Trevor Bayne’s “A Star Is Born” moment at the 2011 Daytona 500 proved to be something else entirely.
Bayne shocked the NASCAR world with his victory for the Wood Brothers in that year’s Great American Race. While he ran with that team on a part-time basis in Sprint Cup for the next four seasons, a full-time Cup ride didn’t materialize.
Instead, Bayne’s main focus shifted to the Xfinity Series, where he raced the full 2013 and 2014 seasons for Roush Fenway Racing.
The 23-year-old Tennessee native will finally get the chance to compete every weekend at NASCAR’s top level this season in Roush Fenway Racing’s revived No. 6.
“It’s been a really wild last few years for me,” Bayne said during the recent NASCAR media tour in Charlotte. “To go from winning [the Daytona 500] and expecting to be full-time that season to going back to [Xfinity] part-time and part-time Cup, and then full-time [Xfinity], and now to be full-time Cup, it’s been wild.
“But what I can say is that I’ve had confidence that Jack Roush was a man of his word, and that at some point, I’d be driving his Sprint Cup cars full-time like he had promised. And now that opportunity’s come.”
The journey to a full-time Cup program may not have been what Bayne had pictured following his Daytona triumph, but he says the experiences he’s had in the last four years have not only made him more prepared but taught him patience.
“There were times where I’d call somebody that was close to me and be frustrated that I wasn’t running full-time Sprint Cup, and they would remind me of what I’ve been through,” he recalled. “I think 2011 probably aged me 10 years.
“But the last couple of years have been more mellow. I feel like they’ve been kind of in the middle. No extreme highs or lows, and that’s taught me a lot in how to handle that as well. Going into this season, I feel more well-rounded than I would have been in 2011 running full-time [then].”
Another good sign is that Bayne’s maintained his physical health after being diagnosed with multiple sclerosis in late 2013 (he’s mulling over a return to doing triathlons). With that, he’s putting full focus on developing a rapport with crew chief Bob Osborne and also helping Roush return to its winning ways after a couple of down years.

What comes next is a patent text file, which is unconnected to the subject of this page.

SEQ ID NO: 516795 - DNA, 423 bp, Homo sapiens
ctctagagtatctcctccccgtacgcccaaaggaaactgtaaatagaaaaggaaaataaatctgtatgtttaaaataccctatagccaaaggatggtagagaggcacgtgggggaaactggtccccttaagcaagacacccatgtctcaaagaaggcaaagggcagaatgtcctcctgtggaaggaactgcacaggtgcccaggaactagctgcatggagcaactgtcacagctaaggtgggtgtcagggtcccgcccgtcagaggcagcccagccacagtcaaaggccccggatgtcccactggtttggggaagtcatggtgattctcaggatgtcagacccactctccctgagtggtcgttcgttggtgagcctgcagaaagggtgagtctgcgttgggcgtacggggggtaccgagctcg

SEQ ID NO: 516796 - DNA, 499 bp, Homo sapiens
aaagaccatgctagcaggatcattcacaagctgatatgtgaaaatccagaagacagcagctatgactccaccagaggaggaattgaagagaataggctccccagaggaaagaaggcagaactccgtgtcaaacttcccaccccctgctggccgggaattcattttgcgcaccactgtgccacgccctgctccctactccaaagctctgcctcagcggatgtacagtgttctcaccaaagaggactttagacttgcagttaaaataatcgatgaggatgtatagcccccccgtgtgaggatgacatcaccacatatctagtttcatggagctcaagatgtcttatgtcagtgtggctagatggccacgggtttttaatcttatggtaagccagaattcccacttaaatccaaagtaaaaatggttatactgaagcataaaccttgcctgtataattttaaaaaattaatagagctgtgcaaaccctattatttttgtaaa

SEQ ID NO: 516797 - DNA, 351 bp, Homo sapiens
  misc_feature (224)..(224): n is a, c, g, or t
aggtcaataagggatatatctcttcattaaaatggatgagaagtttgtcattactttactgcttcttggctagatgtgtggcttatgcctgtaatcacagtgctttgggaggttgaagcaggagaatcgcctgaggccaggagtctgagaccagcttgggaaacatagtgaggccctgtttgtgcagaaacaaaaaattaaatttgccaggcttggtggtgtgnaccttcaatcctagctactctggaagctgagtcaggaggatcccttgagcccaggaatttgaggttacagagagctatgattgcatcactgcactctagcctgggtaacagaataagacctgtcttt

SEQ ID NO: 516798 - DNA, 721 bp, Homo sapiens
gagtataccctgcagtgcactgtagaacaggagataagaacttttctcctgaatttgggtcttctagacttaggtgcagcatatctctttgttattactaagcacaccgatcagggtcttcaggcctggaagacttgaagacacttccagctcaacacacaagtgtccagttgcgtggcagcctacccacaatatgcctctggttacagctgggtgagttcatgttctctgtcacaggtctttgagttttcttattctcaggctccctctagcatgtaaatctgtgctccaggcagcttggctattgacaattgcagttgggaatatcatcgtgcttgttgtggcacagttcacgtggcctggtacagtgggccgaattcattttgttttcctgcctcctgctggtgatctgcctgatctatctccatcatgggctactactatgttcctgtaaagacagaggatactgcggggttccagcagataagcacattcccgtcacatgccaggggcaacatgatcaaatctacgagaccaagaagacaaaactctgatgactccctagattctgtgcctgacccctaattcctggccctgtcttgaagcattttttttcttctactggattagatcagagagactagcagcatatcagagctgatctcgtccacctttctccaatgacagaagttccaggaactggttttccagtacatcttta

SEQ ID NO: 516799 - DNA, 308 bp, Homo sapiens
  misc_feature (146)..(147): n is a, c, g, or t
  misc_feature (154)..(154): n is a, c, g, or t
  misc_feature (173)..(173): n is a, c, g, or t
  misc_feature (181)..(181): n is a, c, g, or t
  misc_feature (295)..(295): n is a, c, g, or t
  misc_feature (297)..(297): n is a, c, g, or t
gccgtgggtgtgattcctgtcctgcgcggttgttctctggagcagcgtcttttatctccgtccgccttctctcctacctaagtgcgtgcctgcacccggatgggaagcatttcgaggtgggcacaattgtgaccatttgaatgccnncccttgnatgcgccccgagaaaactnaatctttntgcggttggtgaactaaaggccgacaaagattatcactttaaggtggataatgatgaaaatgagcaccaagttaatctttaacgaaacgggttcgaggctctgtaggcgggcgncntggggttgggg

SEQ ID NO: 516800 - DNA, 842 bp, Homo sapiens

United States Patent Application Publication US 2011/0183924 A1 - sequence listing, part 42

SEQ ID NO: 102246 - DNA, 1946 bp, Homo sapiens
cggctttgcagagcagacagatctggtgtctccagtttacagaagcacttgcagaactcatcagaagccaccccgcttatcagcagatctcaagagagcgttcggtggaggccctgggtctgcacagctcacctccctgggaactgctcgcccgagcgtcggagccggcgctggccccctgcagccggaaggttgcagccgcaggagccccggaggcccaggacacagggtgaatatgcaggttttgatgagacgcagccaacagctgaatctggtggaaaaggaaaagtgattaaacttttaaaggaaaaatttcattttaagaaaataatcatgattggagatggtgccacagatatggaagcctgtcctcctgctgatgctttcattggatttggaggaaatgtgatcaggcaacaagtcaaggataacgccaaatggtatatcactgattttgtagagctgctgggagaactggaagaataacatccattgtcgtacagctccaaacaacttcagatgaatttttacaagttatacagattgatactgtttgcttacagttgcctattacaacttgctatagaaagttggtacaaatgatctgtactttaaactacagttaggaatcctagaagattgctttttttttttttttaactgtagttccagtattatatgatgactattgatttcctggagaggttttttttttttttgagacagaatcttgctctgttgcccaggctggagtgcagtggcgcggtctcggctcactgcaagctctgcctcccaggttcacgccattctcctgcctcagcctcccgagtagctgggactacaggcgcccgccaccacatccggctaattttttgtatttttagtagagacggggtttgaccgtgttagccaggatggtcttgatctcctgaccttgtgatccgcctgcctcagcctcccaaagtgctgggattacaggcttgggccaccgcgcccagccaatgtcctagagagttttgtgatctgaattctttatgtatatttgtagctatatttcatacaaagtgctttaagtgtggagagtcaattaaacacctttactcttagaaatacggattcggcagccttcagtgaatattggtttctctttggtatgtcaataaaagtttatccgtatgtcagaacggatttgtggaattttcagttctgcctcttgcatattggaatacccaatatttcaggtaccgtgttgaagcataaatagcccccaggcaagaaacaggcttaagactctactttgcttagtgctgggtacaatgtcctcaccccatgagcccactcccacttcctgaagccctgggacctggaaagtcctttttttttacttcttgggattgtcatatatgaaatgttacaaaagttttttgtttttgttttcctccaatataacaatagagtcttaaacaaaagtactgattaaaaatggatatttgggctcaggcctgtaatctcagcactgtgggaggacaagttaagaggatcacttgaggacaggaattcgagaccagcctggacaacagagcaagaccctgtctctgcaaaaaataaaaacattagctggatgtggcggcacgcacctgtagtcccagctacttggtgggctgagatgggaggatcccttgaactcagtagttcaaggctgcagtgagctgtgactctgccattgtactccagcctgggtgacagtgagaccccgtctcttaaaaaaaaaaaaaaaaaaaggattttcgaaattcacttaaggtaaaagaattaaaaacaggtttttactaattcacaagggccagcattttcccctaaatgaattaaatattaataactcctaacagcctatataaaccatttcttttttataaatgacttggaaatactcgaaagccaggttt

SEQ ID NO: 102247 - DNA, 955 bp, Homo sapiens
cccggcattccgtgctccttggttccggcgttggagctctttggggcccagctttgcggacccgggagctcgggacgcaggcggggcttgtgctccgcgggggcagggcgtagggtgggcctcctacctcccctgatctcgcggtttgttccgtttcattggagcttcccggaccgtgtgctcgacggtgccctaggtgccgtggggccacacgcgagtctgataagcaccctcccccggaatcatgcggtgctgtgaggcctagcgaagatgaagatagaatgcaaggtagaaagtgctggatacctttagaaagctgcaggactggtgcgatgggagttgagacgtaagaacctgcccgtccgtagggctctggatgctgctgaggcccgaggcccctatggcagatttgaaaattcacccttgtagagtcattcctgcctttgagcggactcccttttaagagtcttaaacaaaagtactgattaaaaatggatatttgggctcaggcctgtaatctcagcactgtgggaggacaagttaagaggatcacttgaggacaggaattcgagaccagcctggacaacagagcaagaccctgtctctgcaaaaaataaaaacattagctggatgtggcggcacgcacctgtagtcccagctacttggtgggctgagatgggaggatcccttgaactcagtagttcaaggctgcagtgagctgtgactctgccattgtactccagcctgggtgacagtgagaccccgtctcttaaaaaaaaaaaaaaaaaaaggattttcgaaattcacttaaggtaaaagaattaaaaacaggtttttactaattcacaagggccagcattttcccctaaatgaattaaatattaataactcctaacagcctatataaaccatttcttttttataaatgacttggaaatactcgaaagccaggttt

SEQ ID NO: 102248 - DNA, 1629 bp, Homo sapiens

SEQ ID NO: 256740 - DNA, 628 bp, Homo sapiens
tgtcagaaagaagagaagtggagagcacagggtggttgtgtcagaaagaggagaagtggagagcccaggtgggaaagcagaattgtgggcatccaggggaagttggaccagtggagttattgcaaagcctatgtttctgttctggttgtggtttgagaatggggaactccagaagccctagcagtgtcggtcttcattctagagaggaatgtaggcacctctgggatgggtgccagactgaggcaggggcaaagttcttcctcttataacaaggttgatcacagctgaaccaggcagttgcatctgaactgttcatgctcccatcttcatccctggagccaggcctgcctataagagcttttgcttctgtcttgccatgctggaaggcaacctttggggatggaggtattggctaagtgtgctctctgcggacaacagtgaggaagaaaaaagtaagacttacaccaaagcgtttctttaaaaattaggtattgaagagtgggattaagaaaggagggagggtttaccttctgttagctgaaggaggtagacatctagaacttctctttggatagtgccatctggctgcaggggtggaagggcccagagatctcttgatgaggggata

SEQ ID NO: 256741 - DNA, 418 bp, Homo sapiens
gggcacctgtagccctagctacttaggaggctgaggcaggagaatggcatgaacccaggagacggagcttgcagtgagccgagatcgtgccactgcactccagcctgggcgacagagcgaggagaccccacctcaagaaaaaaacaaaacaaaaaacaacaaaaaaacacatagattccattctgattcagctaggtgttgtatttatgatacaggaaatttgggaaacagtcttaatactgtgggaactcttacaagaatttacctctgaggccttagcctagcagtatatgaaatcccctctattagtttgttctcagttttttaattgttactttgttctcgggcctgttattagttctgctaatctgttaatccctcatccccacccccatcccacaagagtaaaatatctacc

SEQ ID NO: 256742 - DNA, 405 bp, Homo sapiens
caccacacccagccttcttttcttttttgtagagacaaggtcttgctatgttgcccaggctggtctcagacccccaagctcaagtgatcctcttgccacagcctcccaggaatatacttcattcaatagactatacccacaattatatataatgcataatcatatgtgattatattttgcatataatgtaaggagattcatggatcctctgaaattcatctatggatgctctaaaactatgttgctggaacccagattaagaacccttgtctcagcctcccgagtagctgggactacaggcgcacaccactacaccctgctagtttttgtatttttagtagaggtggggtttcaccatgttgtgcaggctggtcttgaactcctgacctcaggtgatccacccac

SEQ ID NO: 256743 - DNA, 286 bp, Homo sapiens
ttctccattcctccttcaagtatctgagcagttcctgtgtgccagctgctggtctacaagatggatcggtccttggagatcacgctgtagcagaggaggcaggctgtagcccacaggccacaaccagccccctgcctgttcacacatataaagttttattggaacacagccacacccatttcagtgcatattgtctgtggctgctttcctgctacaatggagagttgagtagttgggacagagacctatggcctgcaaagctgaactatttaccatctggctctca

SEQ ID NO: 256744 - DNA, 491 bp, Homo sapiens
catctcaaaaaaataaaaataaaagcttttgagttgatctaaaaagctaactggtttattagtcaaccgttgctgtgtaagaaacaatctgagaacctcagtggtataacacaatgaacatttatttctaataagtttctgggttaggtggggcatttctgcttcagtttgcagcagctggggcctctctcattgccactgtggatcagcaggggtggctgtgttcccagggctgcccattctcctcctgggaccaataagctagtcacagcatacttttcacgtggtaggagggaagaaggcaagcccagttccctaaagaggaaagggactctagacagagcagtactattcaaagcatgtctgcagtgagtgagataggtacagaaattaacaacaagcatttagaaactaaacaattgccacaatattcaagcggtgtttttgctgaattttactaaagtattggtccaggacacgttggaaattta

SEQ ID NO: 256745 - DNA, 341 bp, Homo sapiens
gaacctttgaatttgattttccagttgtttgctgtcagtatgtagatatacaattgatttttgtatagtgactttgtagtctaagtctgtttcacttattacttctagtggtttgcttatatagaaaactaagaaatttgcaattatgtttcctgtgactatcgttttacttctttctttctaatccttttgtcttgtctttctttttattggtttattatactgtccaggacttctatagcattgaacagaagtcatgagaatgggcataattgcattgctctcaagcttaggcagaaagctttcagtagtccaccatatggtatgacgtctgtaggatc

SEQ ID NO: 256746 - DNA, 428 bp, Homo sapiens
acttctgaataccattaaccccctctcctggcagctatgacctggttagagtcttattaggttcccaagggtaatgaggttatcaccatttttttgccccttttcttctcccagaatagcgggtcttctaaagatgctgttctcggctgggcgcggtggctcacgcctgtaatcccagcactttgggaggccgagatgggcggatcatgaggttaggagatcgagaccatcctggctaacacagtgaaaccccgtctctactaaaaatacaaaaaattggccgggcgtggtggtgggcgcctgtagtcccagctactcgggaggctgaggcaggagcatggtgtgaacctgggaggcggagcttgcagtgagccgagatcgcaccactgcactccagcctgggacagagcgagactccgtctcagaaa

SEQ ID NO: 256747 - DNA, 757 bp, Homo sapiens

“We were reacting on a Monday to what happened on Sunday and just kind of shotgun-blasted ideas,” Bayne said of Roush Fenway Racing’s struggles in 2014. “What you do is you work really hard but you don’t make any ground. It’s like being in water and you feel like your drowning; you start paddling hard, but you sink. You have to take smooth, calculated strokes.
“I feel like that’s what we’re doing now. We’ve hired the right people, we’ve got the right talent with drivers, and I feel like now we can have a productive plan to go forward.”
What A Long, Strange Trip It’s Been
Trevor Bayne’s Daytona 500 win didn’t send him on a path to superstardom. Instead, it marked the beginning of a four-year run that saw him jump regularly between the Sprint Cup and Xfinity Series.
Sprint Cup – 17 starts, 1 win, 1 top-5, 1 top-10 (Won Daytona 500)
Xfinity – 29 starts, 1 win (Texas), 5 top-5s, 14 top-10s
Sprint Cup – 16 starts, 0 wins, 0 top-5s, 2 top-10s (Best finish of 8th, Talladega)
Xfinity – 6 starts, 0 wins, 1 top-5, 3 top-10s, 1 Pole (Best finish of 4th, Las Vegas)
Sprint Cup – 12 starts, 0 wins, 0 top-5s, 0 top-10s (Best finish of 16th, Charlotte)
Xfinity – Full season: 1 win (Iowa), 7 top-5s, 21 top-10s, 1 Pole, 6th in Points
Sprint Cup – 12 starts, 0 wins, 0 top-5s, 0 top-10s (Best finish of 19th, Texas and Michigan)
Xfinity – Full season: 0 wins, 5 top-5s, 21 top-10s, 1 Pole, 6th in Points (Best finish of 2nd, Dover and Chicago)